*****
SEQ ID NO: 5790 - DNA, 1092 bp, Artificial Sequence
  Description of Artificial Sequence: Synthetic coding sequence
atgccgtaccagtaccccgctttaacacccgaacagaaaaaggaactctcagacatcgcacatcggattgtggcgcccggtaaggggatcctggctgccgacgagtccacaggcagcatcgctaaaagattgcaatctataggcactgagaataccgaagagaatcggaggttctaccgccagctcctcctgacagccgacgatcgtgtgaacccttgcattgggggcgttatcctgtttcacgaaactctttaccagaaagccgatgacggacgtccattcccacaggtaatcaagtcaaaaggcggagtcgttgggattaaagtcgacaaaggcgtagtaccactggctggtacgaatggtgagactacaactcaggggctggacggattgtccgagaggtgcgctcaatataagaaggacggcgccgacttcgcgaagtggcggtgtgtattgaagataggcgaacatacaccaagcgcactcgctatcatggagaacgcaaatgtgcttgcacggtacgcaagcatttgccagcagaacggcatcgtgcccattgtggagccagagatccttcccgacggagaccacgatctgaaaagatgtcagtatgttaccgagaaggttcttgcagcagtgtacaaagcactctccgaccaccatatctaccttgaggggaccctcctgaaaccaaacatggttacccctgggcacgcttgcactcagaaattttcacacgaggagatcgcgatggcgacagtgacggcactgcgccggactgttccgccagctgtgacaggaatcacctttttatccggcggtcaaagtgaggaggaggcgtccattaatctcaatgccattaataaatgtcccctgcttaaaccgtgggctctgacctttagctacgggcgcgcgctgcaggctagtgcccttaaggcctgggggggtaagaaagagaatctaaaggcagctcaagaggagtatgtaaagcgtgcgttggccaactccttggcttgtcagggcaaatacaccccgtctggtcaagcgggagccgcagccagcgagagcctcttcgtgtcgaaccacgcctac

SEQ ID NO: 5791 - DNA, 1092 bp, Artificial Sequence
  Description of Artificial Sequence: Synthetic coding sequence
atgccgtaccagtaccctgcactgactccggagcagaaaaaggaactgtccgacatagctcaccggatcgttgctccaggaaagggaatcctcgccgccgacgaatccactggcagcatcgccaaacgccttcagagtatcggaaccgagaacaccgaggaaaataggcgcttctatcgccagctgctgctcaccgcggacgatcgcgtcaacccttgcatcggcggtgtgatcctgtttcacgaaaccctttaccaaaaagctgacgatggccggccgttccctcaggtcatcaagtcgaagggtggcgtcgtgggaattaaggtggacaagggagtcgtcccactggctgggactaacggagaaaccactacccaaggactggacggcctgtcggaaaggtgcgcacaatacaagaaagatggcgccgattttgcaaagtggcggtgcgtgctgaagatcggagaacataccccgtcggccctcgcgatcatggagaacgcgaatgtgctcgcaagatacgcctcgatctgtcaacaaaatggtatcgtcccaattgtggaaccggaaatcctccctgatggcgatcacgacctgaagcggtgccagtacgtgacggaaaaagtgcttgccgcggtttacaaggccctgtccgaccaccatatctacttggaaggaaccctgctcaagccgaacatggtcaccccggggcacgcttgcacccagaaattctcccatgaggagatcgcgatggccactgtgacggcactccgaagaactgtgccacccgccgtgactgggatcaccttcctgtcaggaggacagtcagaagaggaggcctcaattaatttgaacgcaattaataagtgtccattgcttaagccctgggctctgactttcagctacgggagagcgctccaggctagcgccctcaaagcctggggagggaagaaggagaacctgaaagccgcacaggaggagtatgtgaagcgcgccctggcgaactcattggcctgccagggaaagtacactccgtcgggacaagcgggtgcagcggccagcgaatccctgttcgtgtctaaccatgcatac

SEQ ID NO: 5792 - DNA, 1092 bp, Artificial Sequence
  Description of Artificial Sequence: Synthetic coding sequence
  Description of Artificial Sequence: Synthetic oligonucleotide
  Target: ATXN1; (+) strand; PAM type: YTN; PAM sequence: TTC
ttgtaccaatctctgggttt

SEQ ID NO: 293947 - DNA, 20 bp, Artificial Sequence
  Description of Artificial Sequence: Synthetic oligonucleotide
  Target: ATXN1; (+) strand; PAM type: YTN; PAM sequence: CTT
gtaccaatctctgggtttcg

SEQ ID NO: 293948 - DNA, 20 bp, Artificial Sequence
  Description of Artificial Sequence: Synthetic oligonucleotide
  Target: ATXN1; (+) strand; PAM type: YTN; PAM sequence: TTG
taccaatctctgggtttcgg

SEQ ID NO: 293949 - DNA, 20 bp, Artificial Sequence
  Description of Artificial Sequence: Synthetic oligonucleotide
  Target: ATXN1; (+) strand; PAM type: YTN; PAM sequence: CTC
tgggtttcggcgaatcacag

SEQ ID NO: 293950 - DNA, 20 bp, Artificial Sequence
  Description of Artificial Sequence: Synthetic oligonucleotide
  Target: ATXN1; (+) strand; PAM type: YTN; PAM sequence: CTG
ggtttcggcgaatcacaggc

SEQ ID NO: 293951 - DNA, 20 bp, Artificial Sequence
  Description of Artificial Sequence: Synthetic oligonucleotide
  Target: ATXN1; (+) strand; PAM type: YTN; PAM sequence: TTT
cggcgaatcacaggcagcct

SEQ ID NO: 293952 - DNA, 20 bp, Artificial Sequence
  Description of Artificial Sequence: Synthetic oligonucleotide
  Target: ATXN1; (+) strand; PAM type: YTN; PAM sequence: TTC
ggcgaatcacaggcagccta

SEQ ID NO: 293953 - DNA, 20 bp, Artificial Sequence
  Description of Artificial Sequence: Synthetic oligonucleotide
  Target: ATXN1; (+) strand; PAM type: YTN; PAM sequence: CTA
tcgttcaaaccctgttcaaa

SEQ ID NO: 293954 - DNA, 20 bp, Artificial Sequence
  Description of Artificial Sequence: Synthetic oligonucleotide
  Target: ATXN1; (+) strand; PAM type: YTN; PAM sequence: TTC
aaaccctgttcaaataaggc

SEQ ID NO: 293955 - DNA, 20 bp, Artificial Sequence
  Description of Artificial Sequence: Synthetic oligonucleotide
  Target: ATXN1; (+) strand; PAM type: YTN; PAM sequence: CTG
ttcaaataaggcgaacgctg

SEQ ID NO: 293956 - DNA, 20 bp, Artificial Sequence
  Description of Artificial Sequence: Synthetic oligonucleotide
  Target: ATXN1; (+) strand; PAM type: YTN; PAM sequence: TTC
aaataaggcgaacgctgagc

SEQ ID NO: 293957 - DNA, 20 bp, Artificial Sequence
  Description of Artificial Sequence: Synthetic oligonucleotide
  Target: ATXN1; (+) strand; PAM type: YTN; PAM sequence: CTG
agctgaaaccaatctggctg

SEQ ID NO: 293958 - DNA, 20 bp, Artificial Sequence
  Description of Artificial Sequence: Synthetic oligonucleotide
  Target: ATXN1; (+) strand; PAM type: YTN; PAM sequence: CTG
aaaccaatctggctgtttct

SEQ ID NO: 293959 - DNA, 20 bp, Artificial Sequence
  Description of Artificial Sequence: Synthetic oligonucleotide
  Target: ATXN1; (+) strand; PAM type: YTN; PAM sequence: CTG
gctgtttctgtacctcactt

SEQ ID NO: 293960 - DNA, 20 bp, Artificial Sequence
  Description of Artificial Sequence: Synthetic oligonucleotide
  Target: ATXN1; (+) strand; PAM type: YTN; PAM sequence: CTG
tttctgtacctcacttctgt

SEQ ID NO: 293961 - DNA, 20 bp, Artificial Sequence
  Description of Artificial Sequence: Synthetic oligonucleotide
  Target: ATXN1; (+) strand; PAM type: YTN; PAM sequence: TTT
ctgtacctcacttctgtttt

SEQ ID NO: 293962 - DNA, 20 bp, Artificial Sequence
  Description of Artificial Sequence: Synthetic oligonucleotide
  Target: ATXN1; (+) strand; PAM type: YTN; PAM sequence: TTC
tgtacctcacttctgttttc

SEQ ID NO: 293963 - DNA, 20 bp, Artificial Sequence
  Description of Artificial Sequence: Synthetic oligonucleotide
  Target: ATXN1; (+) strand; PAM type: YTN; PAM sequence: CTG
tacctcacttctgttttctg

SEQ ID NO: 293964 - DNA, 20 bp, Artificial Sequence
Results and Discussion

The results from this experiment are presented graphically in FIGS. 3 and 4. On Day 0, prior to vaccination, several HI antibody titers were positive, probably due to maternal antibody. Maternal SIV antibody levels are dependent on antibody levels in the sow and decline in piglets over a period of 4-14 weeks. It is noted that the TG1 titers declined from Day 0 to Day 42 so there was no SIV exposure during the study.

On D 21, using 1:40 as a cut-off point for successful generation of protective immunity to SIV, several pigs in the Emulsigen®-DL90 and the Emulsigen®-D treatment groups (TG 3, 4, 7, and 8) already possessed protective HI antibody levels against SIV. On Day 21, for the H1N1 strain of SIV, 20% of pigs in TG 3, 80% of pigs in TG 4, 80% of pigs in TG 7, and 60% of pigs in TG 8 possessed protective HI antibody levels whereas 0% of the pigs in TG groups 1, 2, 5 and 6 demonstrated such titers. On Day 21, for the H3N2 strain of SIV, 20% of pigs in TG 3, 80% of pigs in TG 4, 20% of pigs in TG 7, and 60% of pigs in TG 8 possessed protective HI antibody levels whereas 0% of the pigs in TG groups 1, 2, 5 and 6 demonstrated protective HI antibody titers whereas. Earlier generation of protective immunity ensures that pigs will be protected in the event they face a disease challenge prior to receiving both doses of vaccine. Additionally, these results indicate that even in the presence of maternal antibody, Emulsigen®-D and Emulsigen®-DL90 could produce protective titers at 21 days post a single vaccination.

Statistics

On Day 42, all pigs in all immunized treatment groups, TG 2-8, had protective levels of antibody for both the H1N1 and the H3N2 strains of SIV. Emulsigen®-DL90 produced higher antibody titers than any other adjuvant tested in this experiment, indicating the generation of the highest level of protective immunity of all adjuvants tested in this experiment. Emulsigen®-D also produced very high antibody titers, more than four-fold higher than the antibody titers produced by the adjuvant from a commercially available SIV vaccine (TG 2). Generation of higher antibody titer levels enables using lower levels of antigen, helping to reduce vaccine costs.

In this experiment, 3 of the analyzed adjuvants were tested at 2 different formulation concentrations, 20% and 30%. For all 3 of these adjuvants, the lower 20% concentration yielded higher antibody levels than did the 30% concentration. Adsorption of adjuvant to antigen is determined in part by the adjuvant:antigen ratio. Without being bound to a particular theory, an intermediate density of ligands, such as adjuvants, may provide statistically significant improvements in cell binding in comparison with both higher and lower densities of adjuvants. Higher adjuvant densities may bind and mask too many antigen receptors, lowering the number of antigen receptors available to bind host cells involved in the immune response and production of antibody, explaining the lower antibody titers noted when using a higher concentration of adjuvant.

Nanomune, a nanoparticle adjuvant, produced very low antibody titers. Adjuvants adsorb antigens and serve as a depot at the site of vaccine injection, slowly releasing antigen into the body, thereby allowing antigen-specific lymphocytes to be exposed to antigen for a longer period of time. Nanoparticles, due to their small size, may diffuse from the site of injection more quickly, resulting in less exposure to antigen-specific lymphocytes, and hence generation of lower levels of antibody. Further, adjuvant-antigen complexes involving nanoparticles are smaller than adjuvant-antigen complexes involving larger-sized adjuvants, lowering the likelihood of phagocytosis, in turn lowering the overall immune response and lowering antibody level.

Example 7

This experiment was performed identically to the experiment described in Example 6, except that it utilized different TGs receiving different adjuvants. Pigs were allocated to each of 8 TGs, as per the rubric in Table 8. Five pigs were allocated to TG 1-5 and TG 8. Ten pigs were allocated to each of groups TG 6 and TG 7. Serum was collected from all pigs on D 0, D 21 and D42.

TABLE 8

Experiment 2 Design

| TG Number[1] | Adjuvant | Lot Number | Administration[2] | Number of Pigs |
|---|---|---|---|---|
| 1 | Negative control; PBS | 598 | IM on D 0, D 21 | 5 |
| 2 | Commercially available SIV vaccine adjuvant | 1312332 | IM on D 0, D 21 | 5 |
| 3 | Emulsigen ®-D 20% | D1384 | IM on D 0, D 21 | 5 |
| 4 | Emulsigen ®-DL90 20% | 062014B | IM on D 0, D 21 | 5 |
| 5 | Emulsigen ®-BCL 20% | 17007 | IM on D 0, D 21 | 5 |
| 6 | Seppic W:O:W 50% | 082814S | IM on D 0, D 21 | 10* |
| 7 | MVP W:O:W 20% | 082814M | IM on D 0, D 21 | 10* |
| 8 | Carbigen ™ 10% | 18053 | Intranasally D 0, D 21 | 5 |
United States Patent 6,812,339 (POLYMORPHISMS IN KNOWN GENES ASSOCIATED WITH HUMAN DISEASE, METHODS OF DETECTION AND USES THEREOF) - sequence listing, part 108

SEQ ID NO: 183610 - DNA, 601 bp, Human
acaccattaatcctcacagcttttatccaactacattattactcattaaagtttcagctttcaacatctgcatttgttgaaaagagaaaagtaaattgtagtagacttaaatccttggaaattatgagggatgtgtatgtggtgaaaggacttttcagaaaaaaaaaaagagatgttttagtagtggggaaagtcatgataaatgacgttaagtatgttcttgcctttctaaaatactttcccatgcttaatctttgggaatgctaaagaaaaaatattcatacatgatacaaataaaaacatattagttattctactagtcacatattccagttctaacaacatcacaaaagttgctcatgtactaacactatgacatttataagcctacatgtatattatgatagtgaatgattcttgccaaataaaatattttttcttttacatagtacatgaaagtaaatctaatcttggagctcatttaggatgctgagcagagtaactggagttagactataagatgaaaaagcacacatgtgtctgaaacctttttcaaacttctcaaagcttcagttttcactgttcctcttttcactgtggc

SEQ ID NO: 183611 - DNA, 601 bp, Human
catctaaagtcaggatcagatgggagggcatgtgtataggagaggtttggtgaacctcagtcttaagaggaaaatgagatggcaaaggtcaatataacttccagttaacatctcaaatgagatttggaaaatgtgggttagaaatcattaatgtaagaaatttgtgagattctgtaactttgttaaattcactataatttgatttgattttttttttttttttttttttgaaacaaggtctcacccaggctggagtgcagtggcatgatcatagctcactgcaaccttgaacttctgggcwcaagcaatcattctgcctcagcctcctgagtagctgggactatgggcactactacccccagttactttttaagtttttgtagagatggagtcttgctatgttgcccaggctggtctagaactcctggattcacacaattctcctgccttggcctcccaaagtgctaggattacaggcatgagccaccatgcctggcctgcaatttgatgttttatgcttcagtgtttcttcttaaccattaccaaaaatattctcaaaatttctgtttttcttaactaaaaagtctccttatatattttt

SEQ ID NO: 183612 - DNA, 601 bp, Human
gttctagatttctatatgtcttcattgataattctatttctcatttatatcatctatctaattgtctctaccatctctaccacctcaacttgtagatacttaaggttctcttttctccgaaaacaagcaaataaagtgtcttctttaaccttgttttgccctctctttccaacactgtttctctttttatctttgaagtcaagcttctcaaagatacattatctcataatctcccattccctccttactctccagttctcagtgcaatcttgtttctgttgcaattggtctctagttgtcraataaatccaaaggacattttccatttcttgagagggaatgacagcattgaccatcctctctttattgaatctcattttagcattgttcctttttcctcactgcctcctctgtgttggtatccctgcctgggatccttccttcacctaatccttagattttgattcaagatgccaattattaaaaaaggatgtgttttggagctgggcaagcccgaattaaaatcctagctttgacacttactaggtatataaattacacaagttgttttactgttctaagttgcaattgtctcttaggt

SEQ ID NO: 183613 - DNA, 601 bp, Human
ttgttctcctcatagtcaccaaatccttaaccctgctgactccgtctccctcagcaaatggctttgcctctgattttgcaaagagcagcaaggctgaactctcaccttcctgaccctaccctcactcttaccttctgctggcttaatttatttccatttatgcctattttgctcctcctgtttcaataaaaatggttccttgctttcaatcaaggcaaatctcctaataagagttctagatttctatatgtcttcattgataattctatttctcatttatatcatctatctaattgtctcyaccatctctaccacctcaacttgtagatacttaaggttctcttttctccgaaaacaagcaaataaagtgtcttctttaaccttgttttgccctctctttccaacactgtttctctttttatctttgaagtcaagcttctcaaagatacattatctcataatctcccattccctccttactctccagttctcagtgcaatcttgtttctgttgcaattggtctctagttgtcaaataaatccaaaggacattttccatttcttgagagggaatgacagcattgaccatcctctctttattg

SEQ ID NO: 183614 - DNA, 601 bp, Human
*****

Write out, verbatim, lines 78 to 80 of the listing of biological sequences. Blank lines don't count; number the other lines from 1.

  Target: ATXN1; (+) strand; PAM type: YTN; PAM sequence: CTG
tacctcacttctgttttctg

SEQ ID NO: 293964 - DNA, 20 bp, Artificial Sequence